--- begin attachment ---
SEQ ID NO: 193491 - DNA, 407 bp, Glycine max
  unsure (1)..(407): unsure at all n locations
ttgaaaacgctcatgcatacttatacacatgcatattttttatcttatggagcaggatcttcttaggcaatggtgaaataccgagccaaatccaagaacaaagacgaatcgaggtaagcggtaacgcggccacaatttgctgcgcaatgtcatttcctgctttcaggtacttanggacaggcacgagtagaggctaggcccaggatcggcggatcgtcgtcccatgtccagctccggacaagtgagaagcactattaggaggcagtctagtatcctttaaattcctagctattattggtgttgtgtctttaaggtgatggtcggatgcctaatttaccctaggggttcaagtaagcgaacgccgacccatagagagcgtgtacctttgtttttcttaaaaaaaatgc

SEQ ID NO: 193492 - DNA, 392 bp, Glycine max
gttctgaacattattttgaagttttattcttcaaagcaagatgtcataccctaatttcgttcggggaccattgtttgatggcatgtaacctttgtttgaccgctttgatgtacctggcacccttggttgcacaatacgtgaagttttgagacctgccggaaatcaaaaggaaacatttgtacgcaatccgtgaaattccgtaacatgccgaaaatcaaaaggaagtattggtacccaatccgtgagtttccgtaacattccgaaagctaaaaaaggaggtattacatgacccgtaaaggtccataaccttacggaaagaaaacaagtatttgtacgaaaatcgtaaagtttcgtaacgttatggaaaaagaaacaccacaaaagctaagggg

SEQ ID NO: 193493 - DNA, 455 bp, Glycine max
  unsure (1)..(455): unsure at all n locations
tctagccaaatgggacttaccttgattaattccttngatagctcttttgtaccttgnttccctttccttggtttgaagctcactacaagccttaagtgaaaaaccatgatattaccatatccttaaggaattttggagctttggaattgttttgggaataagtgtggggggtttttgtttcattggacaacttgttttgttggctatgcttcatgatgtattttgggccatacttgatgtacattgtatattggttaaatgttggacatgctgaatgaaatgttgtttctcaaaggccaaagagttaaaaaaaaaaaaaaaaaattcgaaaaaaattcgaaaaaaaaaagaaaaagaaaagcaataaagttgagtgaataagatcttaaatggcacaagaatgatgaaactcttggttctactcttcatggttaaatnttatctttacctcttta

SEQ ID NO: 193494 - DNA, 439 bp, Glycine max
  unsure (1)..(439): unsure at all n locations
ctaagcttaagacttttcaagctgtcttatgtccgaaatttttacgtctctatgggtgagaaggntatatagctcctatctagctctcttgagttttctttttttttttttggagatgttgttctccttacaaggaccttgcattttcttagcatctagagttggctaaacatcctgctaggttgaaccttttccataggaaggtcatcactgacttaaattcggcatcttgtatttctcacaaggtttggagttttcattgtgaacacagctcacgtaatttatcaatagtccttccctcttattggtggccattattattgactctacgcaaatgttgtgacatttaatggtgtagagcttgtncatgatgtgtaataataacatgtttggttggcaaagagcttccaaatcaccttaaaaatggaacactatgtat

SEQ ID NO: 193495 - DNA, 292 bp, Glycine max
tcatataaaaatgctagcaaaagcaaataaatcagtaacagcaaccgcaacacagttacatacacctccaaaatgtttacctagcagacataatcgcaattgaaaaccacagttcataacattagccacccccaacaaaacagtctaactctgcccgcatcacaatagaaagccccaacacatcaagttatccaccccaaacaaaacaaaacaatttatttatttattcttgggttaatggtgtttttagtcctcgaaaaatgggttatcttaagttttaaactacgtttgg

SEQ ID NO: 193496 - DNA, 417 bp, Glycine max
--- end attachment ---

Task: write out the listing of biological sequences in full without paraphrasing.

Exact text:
SEQ ID NO: 193491 - DNA, 407 bp, Glycine max
  unsure (1)..(407): unsure at all n locations
ttgaaaacgctcatgcatacttatacacatgcatattttttatcttatggagcaggatcttcttaggcaatggtgaaataccgagccaaatccaagaacaaagacgaatcgaggtaagcggtaacgcggccacaatttgctgcgcaatgtcatttcctgctttcaggtacttanggacaggcacgagtagaggctaggcccaggatcggcggatcgtcgtcccatgtccagctccggacaagtgagaagcactattaggaggcagtctagtatcctttaaattcctagctattattggtgttgtgtctttaaggtgatggtcggatgcctaatttaccctaggggttcaagtaagcgaacgccgacccatagagagcgtgtacctttgtttttcttaaaaaaaatgc

SEQ ID NO: 193492 - DNA, 392 bp, Glycine max
gttctgaacattattttgaagttttattcttcaaagcaagatgtcataccctaatttcgttcggggaccattgtttgatggcatgtaacctttgtttgaccgctttgatgtacctggcacccttggttgcacaatacgtgaagttttgagacctgccggaaatcaaaaggaaacatttgtacgcaatccgtgaaattccgtaacatgccgaaaatcaaaaggaagtattggtacccaatccgtgagtttccgtaacattccgaaagctaaaaaaggaggtattacatgacccgtaaaggtccataaccttacggaaagaaaacaagtatttgtacgaaaatcgtaaagtttcgtaacgttatggaaaaagaaacaccacaaaagctaagggg

SEQ ID NO: 193493 - DNA, 455 bp, Glycine max
  unsure (1)..(455): unsure at all n locations
tctagccaaatgggacttaccttgattaattccttngatagctcttttgtaccttgnttccctttccttggtttgaagctcactacaagccttaagtgaaaaaccatgatattaccatatccttaaggaattttggagctttggaattgttttgggaataagtgtggggggtttttgtttcattggacaacttgttttgttggctatgcttcatgatgtattttgggccatacttgatgtacattgtatattggttaaatgttggacatgctgaatgaaatgttgtttctcaaaggccaaagagttaaaaaaaaaaaaaaaaaattcgaaaaaaattcgaaaaaaaaaagaaaaagaaaagcaataaagttgagtgaataagatcttaaatggcacaagaatgatgaaactcttggttctactcttcatggttaaatnttatctttacctcttta

SEQ ID NO: 193494 - DNA, 439 bp, Glycine max
  unsure (1)..(439): unsure at all n locations
ctaagcttaagacttttcaagctgtcttatgtccgaaatttttacgtctctatgggtgagaaggntatatagctcctatctagctctcttgagttttctttttttttttttggagatgttgttctccttacaaggaccttgcattttcttagcatctagagttggctaaacatcctgctaggttgaaccttttccataggaaggtcatcactgacttaaattcggcatcttgtatttctcacaaggtttggagttttcattgtgaacacagctcacgtaatttatcaatagtccttccctcttattggtggccattattattgactctacgcaaatgttgtgacatttaatggtgtagagcttgtncatgatgtgtaataataacatgtttggttggcaaagagcttccaaatcaccttaaaaatggaacactatgtat

SEQ ID NO: 193495 - DNA, 292 bp, Glycine max
tcatataaaaatgctagcaaaagcaaataaatcagtaacagcaaccgcaacacagttacatacacctccaaaatgtttacctagcagacataatcgcaattgaaaaccacagttcataacattagccacccccaacaaaacagtctaactctgcccgcatcacaatagaaagccccaacacatcaagttatccaccccaaacaaaacaaaacaatttatttatttattcttgggttaatggtgtttttagtcctcgaaaaatgggttatcttaagttttaaactacgtttgg

SEQ ID NO: 193496 - DNA, 417 bp, Glycine max